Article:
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18Feb/110

New Tech Network?s Monica Martinez: Future of Education More Mobile, Student-Centered



Monica Martinez


Cincinnati (Vocus) August 26, 2010

Education is moving to a place where learning is mobile, where students are involved in multiple projects at different times and where textbooks are not the sole resource available for students.

Those were among observations made by New Tech Network President Monica Martinez during a recent radio interview in Wellington, New Zealand with Kathryn Ryan, host of the popular Nine to Noon program on Radio New Zealand National. To hear a podcast of the program, aired August 18, click here.

Martinez was in New Zealand to participate in a symposium that looked at ways education is expected to change over the next decade. She shared elements of KnowledgeWorks’ 2020 Forecast: Creating the Future of Learning, a tool to show how education is evolving into a world where learning is tailored to the needs of the individual student and brought to life by compelling, real-world experiences.

The event was hosted by Learning Media, an educational services provider once part of the Ministry of Education. New Zealand’s Education Minister, Anne Tolley, and Education Secretary Karen Sewell were also part of the symposium.

On Nine to Noon, Martinez addressed a range of subjects from literacy to teaching to incorporating technology in the classroom.

“You would have students doing multiple things and different things at the same time. The teacher is no longer the sage on the stage who’s the font of information and the only resource for information,” said Martinez in response to a question about the classroom of the future. “The teacher is still leader of that classroom and is also mentor, is a coach and is a facilitator managing groups of students, managing individual students.”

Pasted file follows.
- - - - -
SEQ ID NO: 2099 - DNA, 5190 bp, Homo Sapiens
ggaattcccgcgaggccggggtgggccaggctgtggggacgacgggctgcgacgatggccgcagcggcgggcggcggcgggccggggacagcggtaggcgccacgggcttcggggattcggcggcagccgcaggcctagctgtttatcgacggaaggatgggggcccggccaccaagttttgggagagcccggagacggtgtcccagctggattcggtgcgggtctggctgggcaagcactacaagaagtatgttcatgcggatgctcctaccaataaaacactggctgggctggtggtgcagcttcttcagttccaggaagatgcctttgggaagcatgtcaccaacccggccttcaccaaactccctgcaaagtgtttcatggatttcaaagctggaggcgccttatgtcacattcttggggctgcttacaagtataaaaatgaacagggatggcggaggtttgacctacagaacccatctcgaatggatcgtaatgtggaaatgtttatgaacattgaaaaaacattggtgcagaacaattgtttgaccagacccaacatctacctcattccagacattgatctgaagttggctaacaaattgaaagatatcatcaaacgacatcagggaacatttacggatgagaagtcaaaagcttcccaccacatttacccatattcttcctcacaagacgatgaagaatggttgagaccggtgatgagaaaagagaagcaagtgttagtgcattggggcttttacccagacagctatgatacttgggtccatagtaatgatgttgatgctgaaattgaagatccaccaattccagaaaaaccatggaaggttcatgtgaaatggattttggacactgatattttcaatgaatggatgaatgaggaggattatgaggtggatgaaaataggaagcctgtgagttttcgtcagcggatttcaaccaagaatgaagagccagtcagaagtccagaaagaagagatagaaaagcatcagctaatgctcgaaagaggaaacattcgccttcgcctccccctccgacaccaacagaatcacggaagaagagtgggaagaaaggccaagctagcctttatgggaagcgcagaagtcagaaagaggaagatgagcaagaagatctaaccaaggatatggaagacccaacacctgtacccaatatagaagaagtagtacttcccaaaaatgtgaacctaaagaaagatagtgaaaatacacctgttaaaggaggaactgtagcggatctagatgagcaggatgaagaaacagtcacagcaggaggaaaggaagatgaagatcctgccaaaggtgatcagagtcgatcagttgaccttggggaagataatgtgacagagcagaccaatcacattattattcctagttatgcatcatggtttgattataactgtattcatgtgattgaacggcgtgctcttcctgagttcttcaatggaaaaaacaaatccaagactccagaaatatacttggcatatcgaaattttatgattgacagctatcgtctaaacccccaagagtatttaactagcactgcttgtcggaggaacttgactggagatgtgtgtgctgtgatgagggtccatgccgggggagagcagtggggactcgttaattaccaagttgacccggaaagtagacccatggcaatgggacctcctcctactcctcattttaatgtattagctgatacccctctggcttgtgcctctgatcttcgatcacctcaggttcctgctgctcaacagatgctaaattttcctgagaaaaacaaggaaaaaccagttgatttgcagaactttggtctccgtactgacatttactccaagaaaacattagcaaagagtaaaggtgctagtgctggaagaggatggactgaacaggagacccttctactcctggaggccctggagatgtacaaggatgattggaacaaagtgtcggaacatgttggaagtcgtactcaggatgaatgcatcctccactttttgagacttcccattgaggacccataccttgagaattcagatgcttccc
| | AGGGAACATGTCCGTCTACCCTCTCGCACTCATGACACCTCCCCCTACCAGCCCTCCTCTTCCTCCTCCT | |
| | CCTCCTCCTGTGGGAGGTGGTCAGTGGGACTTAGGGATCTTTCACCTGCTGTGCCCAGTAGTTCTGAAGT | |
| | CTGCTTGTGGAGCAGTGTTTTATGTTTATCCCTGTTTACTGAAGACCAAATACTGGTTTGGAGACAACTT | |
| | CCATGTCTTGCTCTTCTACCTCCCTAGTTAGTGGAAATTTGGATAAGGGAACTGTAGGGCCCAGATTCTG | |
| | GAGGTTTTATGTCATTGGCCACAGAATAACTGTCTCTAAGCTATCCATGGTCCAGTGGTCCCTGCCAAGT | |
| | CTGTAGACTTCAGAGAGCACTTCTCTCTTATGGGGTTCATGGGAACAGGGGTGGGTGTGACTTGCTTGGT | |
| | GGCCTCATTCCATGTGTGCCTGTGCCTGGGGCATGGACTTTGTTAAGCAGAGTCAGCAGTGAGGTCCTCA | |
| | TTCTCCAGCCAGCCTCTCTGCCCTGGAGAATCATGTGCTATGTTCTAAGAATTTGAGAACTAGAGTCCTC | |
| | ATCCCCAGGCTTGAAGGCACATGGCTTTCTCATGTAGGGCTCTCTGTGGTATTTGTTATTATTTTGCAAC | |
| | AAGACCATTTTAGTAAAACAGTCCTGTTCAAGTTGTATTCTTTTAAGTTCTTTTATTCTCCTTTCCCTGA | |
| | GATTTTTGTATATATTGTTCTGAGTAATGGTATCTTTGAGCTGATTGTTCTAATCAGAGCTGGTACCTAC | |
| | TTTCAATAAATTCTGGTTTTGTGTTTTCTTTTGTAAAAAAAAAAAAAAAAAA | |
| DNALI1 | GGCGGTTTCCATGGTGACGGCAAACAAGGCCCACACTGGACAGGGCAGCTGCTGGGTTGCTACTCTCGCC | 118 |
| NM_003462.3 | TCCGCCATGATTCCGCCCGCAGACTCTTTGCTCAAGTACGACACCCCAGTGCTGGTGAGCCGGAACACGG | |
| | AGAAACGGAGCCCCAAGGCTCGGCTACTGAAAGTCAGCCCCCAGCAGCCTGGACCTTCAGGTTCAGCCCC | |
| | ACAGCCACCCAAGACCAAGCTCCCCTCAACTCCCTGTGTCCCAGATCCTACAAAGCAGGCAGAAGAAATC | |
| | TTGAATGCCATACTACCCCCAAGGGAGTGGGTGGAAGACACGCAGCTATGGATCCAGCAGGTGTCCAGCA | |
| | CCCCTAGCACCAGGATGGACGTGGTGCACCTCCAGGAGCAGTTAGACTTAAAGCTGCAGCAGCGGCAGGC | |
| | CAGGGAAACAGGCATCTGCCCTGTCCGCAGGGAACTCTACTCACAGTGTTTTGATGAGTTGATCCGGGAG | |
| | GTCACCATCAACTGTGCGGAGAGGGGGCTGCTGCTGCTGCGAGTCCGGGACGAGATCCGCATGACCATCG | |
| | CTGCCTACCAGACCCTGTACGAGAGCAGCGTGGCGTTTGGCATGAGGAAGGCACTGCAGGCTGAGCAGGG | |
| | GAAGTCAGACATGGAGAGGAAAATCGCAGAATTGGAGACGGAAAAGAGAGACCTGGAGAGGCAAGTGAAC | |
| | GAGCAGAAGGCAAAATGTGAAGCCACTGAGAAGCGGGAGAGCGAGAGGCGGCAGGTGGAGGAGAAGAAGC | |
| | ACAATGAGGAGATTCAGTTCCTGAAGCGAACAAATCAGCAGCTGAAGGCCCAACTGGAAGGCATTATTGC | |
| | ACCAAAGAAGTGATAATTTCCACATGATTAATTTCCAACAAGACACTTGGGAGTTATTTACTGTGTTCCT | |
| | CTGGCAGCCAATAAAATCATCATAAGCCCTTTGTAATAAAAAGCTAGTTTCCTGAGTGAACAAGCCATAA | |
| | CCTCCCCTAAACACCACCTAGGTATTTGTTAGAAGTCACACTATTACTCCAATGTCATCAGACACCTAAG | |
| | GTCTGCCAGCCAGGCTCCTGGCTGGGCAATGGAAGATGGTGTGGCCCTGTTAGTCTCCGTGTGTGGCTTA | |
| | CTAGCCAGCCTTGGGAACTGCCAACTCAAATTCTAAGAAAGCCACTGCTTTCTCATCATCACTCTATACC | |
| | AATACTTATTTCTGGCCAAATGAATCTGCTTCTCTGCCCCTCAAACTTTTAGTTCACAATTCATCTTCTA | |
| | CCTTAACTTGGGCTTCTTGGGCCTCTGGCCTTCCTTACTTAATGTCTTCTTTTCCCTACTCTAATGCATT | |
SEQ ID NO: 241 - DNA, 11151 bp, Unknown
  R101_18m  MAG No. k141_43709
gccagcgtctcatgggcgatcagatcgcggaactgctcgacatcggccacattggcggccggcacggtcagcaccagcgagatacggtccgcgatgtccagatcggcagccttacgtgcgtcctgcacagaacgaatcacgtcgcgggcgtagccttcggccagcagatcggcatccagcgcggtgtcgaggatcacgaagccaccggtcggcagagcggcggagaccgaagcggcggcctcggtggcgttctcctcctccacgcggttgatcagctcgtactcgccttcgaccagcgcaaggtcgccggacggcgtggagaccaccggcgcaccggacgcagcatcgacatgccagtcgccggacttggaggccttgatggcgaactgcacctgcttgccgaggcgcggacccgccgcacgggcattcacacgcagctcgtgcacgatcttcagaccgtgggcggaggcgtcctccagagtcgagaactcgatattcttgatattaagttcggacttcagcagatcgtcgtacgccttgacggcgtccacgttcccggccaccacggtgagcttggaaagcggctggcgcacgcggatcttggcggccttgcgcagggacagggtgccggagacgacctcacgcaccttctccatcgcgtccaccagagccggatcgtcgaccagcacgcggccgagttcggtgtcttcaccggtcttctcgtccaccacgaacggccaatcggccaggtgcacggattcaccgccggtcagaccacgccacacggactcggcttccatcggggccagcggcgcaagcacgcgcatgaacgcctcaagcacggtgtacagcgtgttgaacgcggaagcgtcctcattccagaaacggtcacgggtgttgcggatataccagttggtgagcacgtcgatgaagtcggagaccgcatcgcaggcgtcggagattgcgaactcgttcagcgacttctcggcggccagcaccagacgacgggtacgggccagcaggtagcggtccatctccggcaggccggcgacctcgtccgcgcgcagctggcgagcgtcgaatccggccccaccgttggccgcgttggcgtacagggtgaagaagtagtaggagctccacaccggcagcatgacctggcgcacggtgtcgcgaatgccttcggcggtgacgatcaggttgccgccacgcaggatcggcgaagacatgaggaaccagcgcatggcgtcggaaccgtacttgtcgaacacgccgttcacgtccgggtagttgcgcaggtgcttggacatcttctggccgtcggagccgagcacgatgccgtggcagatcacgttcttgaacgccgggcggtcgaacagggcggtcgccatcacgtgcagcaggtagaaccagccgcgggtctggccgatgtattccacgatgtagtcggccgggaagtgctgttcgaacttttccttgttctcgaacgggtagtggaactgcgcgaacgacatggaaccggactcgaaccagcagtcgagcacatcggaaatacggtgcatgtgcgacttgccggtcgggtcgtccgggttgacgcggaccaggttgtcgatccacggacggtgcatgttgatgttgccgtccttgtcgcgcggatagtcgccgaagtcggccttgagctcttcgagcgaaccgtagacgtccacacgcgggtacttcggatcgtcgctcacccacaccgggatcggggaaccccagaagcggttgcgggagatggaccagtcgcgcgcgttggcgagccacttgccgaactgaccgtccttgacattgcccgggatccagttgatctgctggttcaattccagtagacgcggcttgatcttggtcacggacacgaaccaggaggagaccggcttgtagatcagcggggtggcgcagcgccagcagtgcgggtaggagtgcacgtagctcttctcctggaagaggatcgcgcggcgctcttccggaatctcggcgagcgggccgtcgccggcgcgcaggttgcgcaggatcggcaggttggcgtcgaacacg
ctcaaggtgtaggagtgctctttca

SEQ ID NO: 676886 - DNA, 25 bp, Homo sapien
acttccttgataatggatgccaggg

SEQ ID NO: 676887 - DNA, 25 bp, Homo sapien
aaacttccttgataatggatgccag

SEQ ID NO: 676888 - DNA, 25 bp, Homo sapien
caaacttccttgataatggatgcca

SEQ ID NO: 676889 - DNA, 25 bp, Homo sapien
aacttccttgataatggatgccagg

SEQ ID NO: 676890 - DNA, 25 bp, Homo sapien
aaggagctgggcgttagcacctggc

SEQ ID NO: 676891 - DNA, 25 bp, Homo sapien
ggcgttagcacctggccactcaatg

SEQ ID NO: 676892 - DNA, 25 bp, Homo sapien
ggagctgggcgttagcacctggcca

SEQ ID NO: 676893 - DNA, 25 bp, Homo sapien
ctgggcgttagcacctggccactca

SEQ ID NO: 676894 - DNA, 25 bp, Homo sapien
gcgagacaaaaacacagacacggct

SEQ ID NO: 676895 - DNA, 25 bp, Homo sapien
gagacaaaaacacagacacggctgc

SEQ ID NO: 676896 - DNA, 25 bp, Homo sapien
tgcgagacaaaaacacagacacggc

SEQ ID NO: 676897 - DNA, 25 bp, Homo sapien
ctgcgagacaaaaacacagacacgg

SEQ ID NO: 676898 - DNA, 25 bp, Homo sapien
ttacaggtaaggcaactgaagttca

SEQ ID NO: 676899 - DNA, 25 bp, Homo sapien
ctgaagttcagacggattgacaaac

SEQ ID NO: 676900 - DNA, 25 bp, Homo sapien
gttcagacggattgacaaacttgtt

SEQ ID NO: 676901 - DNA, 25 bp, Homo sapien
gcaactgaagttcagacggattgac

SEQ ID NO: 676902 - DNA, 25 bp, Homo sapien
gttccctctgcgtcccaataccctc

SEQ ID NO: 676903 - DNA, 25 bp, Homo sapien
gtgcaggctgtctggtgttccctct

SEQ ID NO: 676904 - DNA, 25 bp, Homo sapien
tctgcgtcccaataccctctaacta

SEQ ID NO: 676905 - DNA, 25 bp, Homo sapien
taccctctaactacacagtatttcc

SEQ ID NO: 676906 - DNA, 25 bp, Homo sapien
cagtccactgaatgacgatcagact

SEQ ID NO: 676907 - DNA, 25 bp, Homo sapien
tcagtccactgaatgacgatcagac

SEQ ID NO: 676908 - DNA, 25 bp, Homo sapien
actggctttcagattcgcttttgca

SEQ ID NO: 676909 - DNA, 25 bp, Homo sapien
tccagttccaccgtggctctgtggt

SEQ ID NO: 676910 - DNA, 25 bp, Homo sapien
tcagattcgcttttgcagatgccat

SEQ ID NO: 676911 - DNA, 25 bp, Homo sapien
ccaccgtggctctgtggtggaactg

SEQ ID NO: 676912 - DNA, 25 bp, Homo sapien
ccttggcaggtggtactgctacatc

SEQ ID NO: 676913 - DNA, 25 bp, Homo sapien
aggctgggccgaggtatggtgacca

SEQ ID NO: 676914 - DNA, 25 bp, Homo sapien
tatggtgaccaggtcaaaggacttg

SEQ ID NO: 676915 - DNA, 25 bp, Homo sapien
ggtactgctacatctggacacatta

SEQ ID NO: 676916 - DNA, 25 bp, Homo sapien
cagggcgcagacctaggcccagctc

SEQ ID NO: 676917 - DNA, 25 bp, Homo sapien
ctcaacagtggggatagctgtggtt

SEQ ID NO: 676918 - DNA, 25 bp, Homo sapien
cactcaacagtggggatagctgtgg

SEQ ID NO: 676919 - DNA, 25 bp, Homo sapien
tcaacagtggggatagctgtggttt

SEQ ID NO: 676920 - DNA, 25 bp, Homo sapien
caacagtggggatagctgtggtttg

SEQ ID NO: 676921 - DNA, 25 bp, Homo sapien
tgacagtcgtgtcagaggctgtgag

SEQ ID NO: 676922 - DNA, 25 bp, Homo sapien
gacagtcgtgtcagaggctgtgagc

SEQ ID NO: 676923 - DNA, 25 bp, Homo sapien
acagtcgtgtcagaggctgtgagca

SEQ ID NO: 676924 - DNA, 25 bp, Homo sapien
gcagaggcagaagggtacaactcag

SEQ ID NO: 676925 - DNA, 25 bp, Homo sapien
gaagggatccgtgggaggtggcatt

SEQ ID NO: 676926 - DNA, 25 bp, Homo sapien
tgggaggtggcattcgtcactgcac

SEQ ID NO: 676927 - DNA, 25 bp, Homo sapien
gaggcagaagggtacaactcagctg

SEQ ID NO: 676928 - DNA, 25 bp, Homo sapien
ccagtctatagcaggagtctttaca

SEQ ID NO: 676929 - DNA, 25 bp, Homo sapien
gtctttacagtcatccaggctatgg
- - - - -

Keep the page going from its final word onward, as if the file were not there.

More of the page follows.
Martinez said that while she believes the school house can remain a “hub for where learning happens,” it will be a place that prepares teachers to work across a distributive learning system where they can access multiple resources.

A subsidiary of Knowledgeworks, New Tech Network high schools offer an instructional approach centered around project-based learning and a culture that empowers students and teachers in a technology-rich classroom environment.

There are now 62 New Tech Network high schools in 14 states. Other KnowledgeWorks high school redesign models feature small schools, Early College High Schools and science, technology, engineering and math schools. All KnowledgeWorks high school models share an emphasis on personalized learning where students learn in ways that make sense to them.

“What we say at KnowlegeWorks and New Tech is, ‘hey, let’s reimagine teaching and learning and let’s use these schools as a basis for that in the U.S. and across the globe,’” Martinez said.

Knowledgeworks is bringing the future of learning to America’s high schools and creating widespread, lasting change in the communities and states we serve. Our portfolio of high school approaches includes New Tech Network high schools, Edworks high school redesign, Science, Technology, Engineering and Math (STEM) and Early College High Schools.

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